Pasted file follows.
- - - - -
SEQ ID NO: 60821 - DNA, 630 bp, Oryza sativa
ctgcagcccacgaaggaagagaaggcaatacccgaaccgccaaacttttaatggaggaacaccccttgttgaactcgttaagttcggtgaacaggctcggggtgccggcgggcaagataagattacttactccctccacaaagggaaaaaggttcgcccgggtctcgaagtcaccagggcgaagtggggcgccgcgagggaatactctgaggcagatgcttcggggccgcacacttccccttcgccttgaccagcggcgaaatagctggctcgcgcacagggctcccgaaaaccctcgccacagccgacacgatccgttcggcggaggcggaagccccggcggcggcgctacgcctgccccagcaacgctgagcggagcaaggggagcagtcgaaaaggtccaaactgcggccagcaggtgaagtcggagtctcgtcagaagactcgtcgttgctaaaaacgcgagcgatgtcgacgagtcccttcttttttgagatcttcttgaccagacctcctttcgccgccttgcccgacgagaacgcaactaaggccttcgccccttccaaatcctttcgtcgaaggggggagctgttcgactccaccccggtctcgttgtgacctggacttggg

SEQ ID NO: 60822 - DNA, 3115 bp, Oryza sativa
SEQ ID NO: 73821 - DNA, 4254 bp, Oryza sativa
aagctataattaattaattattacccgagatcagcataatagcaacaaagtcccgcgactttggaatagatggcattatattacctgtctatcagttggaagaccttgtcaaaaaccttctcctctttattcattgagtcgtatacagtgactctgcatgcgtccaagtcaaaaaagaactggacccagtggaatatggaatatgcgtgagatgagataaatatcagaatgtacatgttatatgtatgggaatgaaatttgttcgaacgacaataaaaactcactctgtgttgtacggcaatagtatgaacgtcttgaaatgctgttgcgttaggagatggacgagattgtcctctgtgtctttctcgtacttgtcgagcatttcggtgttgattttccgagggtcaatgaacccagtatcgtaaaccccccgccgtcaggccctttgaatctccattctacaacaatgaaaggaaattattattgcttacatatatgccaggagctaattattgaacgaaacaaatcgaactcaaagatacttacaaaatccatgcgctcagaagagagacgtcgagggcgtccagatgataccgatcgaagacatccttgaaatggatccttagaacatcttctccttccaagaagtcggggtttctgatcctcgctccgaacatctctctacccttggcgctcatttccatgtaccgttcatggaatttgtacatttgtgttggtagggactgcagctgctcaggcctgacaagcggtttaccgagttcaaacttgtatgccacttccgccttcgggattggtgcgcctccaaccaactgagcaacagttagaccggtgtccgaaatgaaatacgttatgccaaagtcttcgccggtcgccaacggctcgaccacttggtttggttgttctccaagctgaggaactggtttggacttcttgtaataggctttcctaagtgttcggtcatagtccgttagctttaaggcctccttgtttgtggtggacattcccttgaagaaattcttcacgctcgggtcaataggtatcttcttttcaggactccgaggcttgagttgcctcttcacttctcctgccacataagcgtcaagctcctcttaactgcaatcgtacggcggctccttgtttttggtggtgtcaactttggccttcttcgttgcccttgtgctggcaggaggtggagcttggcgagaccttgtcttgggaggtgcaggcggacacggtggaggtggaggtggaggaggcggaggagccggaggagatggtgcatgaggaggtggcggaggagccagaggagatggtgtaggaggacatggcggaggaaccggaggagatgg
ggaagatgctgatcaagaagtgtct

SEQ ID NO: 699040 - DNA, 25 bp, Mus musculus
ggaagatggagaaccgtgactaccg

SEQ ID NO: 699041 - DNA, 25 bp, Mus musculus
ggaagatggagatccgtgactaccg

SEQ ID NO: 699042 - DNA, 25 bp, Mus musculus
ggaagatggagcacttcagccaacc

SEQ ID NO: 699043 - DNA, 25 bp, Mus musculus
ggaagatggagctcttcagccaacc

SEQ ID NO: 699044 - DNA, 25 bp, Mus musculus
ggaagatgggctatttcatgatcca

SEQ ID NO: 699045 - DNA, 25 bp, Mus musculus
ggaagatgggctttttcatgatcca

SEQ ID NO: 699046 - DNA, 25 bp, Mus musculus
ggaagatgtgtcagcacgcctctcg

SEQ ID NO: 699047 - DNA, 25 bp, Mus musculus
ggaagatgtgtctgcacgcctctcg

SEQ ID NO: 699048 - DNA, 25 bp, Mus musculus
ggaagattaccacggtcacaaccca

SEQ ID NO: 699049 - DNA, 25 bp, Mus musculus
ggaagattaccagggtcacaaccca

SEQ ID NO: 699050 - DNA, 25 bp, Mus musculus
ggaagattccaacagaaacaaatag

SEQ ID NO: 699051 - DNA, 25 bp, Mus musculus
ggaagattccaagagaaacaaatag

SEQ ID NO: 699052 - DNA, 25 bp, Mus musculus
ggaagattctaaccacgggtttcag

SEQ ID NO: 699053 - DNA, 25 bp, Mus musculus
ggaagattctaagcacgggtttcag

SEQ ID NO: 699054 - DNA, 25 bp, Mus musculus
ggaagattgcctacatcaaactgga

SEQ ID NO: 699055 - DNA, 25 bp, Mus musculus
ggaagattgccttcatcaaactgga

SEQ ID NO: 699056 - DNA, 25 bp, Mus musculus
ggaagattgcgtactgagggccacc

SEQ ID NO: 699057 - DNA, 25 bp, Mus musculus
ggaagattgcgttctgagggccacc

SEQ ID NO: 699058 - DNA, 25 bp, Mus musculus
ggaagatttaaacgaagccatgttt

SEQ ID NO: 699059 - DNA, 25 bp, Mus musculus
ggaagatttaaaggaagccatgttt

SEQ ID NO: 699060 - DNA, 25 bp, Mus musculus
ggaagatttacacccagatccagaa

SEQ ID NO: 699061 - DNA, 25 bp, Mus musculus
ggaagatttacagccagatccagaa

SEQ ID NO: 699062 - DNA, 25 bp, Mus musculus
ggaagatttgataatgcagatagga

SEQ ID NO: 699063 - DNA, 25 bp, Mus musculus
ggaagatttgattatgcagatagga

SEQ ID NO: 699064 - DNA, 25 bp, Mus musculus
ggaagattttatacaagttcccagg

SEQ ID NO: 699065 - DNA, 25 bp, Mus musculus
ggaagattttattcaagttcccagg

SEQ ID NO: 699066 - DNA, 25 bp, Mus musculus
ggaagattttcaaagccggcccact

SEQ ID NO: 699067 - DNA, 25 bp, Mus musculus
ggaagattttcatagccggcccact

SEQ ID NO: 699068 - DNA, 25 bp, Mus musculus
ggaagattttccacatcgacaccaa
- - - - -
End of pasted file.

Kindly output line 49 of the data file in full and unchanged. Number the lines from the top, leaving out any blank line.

SEQ ID NO: 699061 - DNA, 25 bp, Mus musculus